Young German-American School quilters score a big international victory
There is nothing more exciting for soccer fans than the World Cup competition.
That excitement helped 11 soccer-loving students at the German-American School of Portland to win an international contest that landed them at Olympic Stadium in Berlin, the site of this year's month-long 'futball' tournament.
The students sewed a quilt that was chosen as one of the 100 best projects from among 1,659 submitted by German schools from 49 countries. It was the only U.S. project that was chosen as a winner.
The German-American School is in Beaverton at 3900 S.W. Murray Blvd.
The contest, which was hosted by the 2006 World Cup Conference, in cooperation with a number of German institutions, was called 'Talents 2006-FIFAWorld Cup in School.' The theme was 'a time to make friends,' which the local students decided to convey through poems mounted on a quilt.
'It's a unique contest and they will not repeat it,' said teacher Kathrin Schmidt, who helped the kids with the project and accompanied them to Berlin for a five-day trip in May.
The students first wrote poems - in German of course - about 'all the nations, friendship and soccer,' and put the poems together on a green and white patchwork quilt.
'We thought of a poem and we wrote it on a piece of paper first and then we wrote it on a piece of cloth and then we sewed it on together,' said fourth-grader Marie Friess.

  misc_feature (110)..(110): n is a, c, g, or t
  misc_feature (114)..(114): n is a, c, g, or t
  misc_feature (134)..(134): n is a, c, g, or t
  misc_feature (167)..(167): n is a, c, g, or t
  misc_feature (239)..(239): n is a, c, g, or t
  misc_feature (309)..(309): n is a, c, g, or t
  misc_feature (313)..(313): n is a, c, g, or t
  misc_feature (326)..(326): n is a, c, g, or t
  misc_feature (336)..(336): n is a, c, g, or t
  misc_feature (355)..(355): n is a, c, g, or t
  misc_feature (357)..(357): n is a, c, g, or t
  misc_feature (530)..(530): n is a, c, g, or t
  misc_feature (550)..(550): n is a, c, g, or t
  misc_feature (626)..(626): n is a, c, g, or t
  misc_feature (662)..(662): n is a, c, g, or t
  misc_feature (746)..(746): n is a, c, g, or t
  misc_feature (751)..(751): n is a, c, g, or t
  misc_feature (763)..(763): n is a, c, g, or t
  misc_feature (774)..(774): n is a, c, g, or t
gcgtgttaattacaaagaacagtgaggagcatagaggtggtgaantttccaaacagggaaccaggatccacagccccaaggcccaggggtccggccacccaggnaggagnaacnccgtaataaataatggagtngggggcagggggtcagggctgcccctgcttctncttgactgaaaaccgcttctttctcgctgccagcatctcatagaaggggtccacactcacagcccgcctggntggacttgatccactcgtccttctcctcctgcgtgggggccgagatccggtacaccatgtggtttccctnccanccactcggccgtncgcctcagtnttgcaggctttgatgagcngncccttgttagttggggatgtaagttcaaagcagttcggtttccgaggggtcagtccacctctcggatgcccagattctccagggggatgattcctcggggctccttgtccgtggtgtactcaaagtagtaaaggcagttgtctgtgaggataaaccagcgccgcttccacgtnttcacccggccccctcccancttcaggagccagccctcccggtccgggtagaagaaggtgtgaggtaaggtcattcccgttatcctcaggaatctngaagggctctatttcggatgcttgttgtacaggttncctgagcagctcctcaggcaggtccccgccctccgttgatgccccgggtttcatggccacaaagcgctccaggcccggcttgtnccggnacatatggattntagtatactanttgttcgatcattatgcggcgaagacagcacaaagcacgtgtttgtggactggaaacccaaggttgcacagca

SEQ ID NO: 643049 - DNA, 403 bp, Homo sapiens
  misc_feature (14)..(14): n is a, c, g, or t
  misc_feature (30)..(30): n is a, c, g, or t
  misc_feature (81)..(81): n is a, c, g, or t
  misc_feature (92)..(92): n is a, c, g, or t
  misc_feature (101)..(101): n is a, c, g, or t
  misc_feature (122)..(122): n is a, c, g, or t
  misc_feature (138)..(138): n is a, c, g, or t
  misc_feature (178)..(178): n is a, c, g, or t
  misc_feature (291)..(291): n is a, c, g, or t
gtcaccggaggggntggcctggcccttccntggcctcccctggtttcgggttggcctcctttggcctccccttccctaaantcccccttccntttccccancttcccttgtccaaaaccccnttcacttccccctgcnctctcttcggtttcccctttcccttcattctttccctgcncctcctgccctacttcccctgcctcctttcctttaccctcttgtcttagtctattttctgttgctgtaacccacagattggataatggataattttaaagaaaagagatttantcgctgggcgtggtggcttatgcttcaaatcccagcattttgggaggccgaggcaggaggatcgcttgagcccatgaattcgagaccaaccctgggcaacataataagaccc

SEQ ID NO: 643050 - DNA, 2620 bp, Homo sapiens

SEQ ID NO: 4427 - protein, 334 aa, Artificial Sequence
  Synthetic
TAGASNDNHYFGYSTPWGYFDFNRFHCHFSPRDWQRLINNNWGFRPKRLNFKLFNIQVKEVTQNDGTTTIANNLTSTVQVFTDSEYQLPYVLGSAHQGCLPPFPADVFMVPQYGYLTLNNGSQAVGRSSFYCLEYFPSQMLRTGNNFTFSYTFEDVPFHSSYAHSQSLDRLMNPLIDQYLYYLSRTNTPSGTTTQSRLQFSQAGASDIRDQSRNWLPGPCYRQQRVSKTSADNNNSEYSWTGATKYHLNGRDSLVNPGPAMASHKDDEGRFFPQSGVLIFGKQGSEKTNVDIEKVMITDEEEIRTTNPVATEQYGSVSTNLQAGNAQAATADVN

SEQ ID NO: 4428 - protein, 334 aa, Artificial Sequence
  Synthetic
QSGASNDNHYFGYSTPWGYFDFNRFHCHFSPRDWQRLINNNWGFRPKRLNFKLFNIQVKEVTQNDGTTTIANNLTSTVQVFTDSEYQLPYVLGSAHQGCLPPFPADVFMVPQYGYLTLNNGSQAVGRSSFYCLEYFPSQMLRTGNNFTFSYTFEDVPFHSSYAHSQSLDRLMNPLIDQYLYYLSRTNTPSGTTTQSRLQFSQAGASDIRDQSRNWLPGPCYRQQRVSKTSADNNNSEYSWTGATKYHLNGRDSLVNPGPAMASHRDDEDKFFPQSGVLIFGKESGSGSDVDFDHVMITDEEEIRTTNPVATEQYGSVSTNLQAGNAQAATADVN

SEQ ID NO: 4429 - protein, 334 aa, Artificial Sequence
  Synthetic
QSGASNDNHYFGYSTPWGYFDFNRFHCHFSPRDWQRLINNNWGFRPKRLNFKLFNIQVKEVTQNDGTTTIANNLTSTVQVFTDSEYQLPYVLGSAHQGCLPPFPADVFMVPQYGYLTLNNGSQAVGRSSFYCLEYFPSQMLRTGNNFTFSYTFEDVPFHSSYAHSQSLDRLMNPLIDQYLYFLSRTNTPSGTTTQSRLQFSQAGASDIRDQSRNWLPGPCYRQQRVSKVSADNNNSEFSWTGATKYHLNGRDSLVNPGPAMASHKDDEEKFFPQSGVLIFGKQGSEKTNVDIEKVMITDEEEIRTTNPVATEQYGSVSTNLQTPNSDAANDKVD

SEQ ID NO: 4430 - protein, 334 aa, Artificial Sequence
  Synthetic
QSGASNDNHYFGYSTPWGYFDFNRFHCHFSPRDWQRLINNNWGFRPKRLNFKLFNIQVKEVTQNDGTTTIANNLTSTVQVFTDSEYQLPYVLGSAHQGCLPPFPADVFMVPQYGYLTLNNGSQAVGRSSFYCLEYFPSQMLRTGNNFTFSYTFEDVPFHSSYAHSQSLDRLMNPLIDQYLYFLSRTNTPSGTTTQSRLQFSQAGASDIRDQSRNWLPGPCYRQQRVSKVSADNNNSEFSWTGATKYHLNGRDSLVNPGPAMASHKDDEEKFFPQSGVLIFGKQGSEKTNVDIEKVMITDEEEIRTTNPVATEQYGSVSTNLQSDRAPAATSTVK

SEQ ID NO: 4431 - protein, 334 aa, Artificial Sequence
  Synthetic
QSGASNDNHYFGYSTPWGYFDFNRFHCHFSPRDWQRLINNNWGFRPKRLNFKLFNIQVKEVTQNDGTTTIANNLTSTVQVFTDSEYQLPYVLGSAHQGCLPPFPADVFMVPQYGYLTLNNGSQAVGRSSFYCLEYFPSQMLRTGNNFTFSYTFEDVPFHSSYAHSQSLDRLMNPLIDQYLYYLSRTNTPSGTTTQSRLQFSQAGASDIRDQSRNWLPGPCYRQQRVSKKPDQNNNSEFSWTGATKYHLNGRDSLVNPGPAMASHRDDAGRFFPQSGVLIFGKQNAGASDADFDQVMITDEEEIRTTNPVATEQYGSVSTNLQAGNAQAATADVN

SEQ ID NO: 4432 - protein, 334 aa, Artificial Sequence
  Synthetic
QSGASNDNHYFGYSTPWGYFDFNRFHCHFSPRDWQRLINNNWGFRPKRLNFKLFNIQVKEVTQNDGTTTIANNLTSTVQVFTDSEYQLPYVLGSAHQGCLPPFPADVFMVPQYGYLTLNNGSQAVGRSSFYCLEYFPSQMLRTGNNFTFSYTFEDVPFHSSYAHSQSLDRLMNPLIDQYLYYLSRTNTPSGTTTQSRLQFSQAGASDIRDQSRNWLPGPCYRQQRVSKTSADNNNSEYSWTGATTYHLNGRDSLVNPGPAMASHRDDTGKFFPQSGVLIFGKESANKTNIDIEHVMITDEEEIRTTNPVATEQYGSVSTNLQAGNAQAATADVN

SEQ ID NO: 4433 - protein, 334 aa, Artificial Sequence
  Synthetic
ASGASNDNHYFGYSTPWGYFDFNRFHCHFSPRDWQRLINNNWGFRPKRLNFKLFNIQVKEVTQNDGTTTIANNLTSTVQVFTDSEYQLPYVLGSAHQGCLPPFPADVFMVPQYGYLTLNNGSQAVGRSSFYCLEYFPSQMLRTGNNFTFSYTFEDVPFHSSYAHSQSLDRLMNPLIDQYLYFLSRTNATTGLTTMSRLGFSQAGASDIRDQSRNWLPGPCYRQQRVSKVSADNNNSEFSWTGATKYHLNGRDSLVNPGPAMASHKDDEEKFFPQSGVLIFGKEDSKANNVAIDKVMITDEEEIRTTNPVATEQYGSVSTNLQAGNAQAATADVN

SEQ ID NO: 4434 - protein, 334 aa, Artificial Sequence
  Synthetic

It was physical education teacher Margit Fischbach's idea to make a quilt for the contest.
'I started quilting when I came to America and I thought this was just a great idea,' Fischbach said. 'Plus the kids learned to sew.'
Fischbach said each student had to sew a poem to the quilt if he or she wanted to come to Berlin.
The project took about six weeks. The students heard that they had been selected as winners in February. They were 'shocked and excited,' but most of all, they were happy.
The international schools festival in Berlin included all kinds of athletic activities and gave the students a chance to look at other winning entries and meet German-speaking students from around the world.
In addition to sightseeing in Berlin (with the cost covered by by Lake Oswego's Biotronik), students presented their project on stage in front of about 12,000 people, Fischbach said.
Perhaps the most valuable part of the project and the trip to Berlin was the chance to speak German with other students from Poland and Malaysia. They also learned that it is important to play as a team to win at anything, Fischbach said.
'They spoke German so well, it was just great,' she said, adding that many people the students encountered could not believe they were American.
At an immersion school that is only as old as many of the students who won the contest - 11 years - winning an international German competition was a big accomplishment.
'This was a very big deal for our school because we were the only German school in the United States to win,' said administrator Sabine Moyer.
The quilt not only threw the school onto the international stage, it also brought in a hefty chunk of change at the school's annual fund-raising auction.
'They paid big bucks for it,' said fifth-grader Peter Manicke.
The parent who bought the quilt decided to donate it back to the school, where it will hang in the lobby.
With a blossoming sports program, especially soccer, the $5,600 donation was welcome. The students joked that they hoped for even more improvements on the school's new soccer field.
But for now, the young contest winners are happy watching the World Cup and cheering for Germany to win in the very same stadium where they claimed their own prize last month.
Katlyn Carter is a Beaverton intern from the University of California at Berkeley.